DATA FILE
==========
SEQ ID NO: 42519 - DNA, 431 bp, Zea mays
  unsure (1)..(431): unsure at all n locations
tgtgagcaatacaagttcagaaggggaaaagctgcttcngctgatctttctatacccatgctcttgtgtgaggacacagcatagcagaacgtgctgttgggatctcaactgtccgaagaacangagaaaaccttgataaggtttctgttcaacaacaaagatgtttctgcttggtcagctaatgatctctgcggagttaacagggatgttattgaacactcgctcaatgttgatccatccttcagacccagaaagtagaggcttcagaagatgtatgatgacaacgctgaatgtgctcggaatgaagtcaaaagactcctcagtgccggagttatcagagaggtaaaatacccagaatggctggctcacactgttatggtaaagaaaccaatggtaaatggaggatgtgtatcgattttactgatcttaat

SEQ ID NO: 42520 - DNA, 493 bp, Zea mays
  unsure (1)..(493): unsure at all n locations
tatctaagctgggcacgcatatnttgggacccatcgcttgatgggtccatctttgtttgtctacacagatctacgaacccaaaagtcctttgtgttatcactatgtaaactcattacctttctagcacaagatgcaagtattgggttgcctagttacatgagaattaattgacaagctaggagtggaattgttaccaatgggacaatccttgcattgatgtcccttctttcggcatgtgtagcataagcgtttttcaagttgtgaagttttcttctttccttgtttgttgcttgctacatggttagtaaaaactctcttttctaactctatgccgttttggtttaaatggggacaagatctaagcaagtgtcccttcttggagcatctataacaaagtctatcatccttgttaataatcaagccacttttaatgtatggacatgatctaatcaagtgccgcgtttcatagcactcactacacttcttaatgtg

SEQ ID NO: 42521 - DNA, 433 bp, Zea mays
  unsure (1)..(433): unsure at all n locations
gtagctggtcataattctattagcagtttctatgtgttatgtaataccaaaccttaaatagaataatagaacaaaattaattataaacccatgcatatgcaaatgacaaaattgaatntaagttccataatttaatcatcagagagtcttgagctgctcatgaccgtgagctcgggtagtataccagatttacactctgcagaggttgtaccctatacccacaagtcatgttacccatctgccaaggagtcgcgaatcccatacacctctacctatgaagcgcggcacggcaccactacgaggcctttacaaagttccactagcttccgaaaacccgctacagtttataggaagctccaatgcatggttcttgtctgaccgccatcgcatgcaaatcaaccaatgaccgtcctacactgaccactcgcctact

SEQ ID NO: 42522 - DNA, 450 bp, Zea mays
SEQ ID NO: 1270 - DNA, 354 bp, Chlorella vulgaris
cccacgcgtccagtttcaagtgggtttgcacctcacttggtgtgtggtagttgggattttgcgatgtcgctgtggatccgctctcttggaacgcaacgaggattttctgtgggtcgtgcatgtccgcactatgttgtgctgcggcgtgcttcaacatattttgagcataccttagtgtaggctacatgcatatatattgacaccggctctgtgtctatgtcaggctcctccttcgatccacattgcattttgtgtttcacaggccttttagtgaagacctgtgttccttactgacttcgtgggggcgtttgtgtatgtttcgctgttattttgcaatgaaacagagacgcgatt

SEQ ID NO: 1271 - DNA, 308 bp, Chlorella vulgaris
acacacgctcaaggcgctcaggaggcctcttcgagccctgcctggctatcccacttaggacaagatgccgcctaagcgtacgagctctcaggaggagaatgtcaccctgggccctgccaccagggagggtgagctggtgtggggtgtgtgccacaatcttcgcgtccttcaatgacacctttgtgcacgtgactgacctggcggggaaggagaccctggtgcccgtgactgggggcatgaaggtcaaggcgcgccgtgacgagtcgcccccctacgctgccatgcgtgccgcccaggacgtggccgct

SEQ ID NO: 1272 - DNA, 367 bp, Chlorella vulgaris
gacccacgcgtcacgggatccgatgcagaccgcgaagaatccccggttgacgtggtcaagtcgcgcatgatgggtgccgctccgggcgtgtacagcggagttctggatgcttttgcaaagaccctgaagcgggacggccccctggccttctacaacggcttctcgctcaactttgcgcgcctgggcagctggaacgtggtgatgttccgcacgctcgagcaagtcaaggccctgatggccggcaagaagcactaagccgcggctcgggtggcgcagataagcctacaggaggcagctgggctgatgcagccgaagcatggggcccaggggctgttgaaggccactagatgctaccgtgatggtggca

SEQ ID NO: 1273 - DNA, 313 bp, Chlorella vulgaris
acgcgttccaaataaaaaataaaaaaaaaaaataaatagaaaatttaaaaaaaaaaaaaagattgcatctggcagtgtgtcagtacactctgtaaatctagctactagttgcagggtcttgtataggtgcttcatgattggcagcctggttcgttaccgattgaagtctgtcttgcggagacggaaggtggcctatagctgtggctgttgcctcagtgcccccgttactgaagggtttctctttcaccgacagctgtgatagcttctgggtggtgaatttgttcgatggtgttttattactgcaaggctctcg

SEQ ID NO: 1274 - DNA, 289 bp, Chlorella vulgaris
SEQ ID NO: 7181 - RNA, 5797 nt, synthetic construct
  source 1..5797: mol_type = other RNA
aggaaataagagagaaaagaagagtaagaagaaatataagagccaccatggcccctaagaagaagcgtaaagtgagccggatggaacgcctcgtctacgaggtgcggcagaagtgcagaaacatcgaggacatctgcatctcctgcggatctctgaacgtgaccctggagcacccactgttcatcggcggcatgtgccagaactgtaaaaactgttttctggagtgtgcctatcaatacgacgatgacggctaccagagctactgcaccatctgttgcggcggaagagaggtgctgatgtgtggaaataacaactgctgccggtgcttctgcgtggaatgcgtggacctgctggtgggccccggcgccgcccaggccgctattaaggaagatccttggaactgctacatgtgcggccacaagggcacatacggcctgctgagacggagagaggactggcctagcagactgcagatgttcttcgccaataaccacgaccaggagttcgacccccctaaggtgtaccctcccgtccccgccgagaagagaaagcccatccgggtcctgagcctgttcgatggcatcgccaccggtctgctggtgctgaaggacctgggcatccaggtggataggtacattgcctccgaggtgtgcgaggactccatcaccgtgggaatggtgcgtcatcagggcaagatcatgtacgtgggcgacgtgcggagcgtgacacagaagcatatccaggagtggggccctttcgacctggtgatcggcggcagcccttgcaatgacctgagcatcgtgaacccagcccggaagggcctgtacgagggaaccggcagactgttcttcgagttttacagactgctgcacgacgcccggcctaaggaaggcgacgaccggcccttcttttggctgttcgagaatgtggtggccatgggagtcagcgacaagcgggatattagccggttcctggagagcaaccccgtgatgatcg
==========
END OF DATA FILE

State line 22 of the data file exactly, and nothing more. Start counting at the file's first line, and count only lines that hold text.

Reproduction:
aggaaataagagagaaaagaagagtaagaagaaatataagagccaccatggcccctaagaagaagcgtaaagtgagccggatggaacgcctcgtctacgaggtgcggcagaagtgcagaaacatcgaggacatctgcatctcctgcggatctctgaacgtgaccctggagcacccactgttcatcggcggcatgtgccagaactgtaaaaactgttttctggagtgtgcctatcaatacgacgatgacggctaccagagctactgcaccatctgttgcggcggaagagaggtgctgatgtgtggaaataacaactgctgccggtgcttctgcgtggaatgcgtggacctgctggtgggccccggcgccgcccaggccgctattaaggaagatccttggaactgctacatgtgcggccacaagggcacatacggcctgctgagacggagagaggactggcctagcagactgcagatgttcttcgccaataaccacgaccaggagttcgacccccctaaggtgtaccctcccgtccccgccgagaagagaaagcccatccgggtcctgagcctgttcgatggcatcgccaccggtctgctggtgctgaaggacctgggcatccaggtggataggtacattgcctccgaggtgtgcgaggactccatcaccgtgggaatggtgcgtcatcagggcaagatcatgtacgtgggcgacgtgcggagcgtgacacagaagcatatccaggagtggggccctttcgacctggtgatcggcggcagcccttgcaatgacctgagcatcgtgaacccagcccggaagggcctgtacgagggaaccggcagactgttcttcgagttttacagactgctgcacgacgcccggcctaaggaaggcgacgaccggcccttcttttggctgttcgagaatgtggtggccatgggagtcagcgacaagcgggatattagccggttcctggagagcaaccccgtgatgatcg